What challenges will you face in retirement? For many seniors, one of the biggest financial obstacles is paying for long-term care. The U.S. Department of Health and Human Services estimates that today’s 65-year-olds have a 70 percent chance of needing long-term care during retirement. Long-term care is usually needed for a few years, and 20 percent of those who need care require it for more than five years.1
Long-term care is usually needed because of cognitive disorders such as Alzheimer’s. However, it can also be needed due to things like strokes or mobility issues. Those who require long-term care may need help with things like eating, bathing, dressing or a wide range of other day-to-day tasks. Care is often provided either in a facility or in one’s own home.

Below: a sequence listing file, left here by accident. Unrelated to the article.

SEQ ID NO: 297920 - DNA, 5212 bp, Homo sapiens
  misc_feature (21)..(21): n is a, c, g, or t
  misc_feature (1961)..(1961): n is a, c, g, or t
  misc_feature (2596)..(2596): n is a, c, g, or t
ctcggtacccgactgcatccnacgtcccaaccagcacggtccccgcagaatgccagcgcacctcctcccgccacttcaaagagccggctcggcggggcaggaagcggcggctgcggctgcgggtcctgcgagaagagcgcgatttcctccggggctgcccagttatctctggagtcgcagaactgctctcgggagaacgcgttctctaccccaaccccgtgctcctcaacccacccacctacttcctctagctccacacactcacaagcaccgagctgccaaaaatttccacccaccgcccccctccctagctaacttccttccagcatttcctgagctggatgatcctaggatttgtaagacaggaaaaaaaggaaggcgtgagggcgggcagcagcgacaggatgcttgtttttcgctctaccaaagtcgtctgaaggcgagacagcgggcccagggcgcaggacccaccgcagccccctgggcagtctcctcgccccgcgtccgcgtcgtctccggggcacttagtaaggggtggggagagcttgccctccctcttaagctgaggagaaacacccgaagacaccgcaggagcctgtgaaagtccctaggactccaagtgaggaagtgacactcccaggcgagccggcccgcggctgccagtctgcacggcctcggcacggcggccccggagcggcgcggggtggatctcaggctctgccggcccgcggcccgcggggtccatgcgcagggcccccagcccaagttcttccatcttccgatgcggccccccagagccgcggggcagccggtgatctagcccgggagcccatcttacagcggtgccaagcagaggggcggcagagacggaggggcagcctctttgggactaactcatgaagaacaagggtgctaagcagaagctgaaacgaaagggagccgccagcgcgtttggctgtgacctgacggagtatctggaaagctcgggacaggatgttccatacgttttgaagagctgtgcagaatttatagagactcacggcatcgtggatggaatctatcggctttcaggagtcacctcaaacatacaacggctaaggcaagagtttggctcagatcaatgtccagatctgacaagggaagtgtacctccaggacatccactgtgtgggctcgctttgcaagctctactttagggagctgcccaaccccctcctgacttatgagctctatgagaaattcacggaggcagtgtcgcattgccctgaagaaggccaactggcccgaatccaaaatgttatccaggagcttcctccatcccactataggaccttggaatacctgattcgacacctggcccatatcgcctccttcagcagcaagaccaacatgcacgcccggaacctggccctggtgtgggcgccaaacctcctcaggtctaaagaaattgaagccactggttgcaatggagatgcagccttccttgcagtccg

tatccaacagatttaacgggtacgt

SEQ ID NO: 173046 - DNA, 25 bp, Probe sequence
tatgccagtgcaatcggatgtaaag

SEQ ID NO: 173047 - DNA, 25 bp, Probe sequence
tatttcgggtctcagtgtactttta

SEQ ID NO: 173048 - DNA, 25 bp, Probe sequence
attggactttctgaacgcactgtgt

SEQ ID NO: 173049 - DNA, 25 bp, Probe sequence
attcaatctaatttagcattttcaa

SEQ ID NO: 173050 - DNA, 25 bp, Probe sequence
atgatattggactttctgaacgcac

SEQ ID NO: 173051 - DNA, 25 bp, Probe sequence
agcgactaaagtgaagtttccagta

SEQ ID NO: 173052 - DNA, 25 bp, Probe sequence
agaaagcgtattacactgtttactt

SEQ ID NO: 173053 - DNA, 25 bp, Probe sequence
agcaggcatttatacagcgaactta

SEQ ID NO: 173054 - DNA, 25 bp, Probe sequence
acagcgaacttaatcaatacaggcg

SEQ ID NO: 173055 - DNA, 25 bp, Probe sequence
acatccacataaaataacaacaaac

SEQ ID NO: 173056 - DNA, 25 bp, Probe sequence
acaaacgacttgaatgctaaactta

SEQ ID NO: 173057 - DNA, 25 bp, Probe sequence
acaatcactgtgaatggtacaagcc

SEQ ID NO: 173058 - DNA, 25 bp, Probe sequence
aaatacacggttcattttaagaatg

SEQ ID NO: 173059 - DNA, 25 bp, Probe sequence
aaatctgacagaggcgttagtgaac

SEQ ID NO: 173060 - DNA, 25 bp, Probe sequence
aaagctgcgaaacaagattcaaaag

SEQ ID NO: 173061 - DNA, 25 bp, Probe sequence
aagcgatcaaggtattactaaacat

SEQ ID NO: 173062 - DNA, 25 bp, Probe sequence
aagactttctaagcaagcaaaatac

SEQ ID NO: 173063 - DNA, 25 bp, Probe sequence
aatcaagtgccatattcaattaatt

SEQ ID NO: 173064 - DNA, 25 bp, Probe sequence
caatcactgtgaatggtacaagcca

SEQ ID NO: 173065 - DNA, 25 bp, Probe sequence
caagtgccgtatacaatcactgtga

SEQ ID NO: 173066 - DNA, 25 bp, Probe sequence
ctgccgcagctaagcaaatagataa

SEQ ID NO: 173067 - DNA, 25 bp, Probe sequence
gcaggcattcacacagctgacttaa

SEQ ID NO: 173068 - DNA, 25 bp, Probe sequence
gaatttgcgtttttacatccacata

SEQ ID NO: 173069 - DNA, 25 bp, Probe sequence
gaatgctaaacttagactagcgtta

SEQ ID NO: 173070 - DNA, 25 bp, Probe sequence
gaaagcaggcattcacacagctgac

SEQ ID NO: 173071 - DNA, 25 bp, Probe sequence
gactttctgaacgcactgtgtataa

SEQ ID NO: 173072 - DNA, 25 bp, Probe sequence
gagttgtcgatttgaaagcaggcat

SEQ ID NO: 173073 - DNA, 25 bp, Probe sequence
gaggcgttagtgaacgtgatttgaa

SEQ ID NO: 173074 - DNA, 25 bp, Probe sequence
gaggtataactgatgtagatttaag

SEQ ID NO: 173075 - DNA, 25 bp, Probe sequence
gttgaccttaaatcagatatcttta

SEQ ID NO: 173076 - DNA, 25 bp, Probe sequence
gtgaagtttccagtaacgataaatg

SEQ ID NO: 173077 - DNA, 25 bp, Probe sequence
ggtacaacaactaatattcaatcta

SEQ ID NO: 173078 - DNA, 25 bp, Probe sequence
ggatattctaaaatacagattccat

As you might expect, long-term care can be costly. If you don’t have a plan in place, you may struggle to get the care you need. Below are three strategies you can use to fund your future long-term care needs. A financial professional can help you develop and implement a plan.